How can information technology help you increase revenue? Recently I asked leaders of our top agencies how they increase business. In my October article, “Three Simple Steps that Could Increase Your Revenue,” I explained why focus, education, and relationships ranked high on these leaders’ lists of best practices. Here’s a look at how they use IT to boost sales.
Prospecting and training
“Life’s changed. Most people won’t spend time reading books anymore,” explains Dan Rust, Financial Strategies Group. “We have to get our messages out faster and make them understandable in minutes. That’s why having a website is now essential,” he concludes. “It can help educate consumers and assist in recruiting and training new agents, especially if you include videos and podcasts. Then when producers contact prospective clients, they’re more prepared to speak with them because the prospects are more informed.”
While Dan regularly uses digital communication and online tools for training, including email and webinars, he sometimes combines them with other marketing methods—such as flyers on windshields and door hangers on front doors to promote his agency’s services.
Theresa Dilatush, New Course Financial, agrees that having a website is important to attract and inform prospects, although it wasn’t when she started her agency 13 years ago. Theresa, whose clients are mostly small business owners, also works with her local Chamber of Commerce to connect with prospects and is one of a group of eight “core source professionals” who network and work together when needed on cases. The group includes an attorney, CPA, vendor of office supplies, caterer, internet supplier, and other local professionals who provide services to businesses in the community.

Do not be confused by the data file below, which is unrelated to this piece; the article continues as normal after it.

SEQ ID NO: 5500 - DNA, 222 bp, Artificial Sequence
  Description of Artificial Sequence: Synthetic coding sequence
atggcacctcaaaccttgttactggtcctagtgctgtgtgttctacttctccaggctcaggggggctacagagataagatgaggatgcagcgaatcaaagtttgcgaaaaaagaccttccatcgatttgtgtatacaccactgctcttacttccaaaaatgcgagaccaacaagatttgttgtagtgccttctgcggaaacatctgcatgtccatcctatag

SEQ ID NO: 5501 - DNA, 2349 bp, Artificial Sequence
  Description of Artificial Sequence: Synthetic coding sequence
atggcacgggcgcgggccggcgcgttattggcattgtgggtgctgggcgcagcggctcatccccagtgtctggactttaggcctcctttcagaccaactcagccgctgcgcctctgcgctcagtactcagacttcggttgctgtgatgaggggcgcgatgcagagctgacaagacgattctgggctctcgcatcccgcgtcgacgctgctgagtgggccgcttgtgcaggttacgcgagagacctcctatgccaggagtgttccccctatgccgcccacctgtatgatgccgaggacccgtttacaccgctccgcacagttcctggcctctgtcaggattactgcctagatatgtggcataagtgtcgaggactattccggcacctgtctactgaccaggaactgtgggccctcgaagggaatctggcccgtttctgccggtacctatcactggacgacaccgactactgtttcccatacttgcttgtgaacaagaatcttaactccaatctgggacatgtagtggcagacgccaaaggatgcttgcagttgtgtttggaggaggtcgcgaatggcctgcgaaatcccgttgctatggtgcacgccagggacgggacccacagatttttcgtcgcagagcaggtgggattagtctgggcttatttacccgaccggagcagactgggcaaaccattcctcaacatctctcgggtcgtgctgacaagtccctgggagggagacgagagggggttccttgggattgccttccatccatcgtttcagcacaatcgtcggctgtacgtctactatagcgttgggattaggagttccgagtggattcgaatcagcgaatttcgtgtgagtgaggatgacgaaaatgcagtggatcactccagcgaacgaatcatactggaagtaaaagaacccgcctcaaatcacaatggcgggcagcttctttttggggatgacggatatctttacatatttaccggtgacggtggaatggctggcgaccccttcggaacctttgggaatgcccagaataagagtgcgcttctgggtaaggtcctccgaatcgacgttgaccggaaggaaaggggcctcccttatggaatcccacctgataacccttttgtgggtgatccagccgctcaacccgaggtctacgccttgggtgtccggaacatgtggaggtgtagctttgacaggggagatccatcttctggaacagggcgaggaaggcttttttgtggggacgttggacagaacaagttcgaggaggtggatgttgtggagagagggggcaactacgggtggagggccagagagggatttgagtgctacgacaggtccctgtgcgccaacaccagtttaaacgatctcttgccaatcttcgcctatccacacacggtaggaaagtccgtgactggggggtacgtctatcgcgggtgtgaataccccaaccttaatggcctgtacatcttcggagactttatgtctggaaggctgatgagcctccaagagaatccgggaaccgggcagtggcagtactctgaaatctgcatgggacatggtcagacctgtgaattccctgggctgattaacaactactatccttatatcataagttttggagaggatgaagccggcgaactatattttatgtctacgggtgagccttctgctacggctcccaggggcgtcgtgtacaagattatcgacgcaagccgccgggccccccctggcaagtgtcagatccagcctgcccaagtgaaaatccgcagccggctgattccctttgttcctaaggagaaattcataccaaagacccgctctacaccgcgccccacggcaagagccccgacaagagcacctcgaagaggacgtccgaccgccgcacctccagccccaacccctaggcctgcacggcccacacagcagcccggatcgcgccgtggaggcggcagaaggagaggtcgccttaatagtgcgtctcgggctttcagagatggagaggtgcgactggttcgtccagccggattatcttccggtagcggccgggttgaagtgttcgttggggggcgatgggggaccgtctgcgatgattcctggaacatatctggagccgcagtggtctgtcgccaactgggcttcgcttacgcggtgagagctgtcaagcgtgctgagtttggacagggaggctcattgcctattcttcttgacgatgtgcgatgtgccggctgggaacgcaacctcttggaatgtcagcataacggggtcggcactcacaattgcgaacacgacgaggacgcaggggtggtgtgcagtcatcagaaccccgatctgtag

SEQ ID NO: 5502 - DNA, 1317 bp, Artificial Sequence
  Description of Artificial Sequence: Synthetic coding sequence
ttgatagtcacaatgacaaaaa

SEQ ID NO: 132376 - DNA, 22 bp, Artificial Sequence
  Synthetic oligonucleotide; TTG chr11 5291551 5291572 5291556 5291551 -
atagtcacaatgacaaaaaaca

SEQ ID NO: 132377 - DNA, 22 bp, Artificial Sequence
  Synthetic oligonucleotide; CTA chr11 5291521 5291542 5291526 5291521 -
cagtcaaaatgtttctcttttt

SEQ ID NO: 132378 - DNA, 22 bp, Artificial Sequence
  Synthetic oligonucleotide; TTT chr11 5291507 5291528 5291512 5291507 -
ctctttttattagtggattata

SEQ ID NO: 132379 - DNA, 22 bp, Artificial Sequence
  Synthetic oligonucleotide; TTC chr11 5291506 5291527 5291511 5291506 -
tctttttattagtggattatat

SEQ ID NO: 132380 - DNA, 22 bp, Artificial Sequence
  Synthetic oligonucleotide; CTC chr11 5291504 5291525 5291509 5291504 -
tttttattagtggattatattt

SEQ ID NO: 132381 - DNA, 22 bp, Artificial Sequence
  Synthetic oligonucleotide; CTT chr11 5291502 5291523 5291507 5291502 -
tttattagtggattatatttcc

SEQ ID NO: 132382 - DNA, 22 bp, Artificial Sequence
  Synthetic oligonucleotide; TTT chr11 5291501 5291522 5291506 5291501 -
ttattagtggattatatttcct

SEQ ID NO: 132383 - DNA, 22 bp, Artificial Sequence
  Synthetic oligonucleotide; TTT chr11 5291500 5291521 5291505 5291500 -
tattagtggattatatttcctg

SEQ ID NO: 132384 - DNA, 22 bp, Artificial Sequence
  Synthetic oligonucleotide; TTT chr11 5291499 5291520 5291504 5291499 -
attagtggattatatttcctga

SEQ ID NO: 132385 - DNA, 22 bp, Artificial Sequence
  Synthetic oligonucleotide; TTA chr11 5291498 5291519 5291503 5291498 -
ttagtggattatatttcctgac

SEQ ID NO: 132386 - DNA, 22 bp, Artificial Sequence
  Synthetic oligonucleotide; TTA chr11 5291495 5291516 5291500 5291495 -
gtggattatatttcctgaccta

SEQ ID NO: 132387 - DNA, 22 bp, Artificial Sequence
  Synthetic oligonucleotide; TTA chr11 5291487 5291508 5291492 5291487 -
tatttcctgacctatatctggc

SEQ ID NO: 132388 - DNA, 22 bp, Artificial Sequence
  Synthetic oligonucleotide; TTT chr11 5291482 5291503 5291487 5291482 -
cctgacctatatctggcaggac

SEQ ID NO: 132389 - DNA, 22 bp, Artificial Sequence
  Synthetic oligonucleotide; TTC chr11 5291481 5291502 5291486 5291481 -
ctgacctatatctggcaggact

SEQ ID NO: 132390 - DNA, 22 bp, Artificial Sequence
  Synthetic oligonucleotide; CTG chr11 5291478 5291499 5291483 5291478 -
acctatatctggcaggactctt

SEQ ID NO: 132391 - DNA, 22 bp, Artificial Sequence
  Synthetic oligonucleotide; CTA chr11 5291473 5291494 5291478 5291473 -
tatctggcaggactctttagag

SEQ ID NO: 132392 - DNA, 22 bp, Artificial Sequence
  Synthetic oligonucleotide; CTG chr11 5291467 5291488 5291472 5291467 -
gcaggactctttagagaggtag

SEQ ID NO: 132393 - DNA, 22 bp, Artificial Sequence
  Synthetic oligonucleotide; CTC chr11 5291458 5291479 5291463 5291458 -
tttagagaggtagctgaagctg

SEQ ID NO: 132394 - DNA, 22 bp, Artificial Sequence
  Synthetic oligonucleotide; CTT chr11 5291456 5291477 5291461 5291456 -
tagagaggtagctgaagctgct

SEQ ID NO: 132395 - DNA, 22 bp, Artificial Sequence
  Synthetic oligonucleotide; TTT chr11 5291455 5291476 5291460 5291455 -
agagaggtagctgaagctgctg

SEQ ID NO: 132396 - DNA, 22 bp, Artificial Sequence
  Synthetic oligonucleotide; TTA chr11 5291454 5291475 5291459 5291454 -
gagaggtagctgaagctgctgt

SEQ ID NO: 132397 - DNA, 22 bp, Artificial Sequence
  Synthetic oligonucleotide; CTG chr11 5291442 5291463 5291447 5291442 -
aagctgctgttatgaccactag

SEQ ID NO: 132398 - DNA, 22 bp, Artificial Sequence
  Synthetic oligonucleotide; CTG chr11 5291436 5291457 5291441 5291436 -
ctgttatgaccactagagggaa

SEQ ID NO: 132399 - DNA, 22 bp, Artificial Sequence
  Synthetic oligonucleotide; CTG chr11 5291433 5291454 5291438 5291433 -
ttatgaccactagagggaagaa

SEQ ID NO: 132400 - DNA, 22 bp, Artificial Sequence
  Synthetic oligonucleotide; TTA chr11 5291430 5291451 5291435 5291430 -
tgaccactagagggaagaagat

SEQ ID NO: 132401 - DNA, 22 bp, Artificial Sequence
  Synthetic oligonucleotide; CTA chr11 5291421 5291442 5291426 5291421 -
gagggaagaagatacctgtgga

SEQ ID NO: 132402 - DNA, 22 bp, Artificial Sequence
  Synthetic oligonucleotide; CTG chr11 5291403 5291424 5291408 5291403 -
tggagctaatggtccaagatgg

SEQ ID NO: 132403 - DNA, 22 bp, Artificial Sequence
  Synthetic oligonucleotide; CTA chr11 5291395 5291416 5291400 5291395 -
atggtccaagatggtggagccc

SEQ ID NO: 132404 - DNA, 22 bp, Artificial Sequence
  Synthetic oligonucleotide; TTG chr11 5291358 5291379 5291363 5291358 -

Randy Pierson, Gordon Marketing, has seen an uptick in the use of technology by agencies too. He conducts most of his agent recruiting and training efforts via webinars, email, e-newsletters, Skype, text messaging, and YouTube videos, which he also posts on Facebook and LinkedIn. To help ensure viewers watch the videos he keeps them short—three minutes or less. And although he’s been posting videos on YouTube for more than a decade, he says he’s getting much better results now that he can link them to social media sites. To increase interest in his agent training webinars, he keeps them short also—30 minutes or less.
For Ryan Polimeni, Top Rank Advisors, Inc., the internet and specialized online software, including financial planning and social security software, have changed the way his agency communicates and conducts business. Ryan used to market by direct mail, but now uses digital communication because it’s faster and cheaper. And while he still gets referrals to potential producers by word of mouth as well as through online advertising, he says Facebook and LinkedIn are playing a bigger role in his recruitment efforts.
Once agents are on board with him, Ryan, like Chris Shields, Shields Brokerage, Inc., and other agency leaders with whom I spoke, train them via online programs, digital materials and ongoing webinars as well as personal training. “There’s a lack of training in this industry,” admits Ryan. “So we evaluate new agents to determine if they need field and one-on-one training in addition to the more than 30 hours of online training we provide.”
Kevin Kruger, Kevin Kruger Agency, uses social media, particularly LinkedIn, to establish awareness of himself and his agency and to stay relevant. Mike Maloney, Mike Maloney Agency, notes that the networking groups on these sites are a useful way to identify prospective agents, so he often uses them for blast advertising. Once contracted, Mike provides new agents online and one-on-one training several times a week. “You have to teach, coach, and have patience with new producers,” explains Mike, especially since more than half of his new agents have sales and people skills but no prior experience in the financial services industry.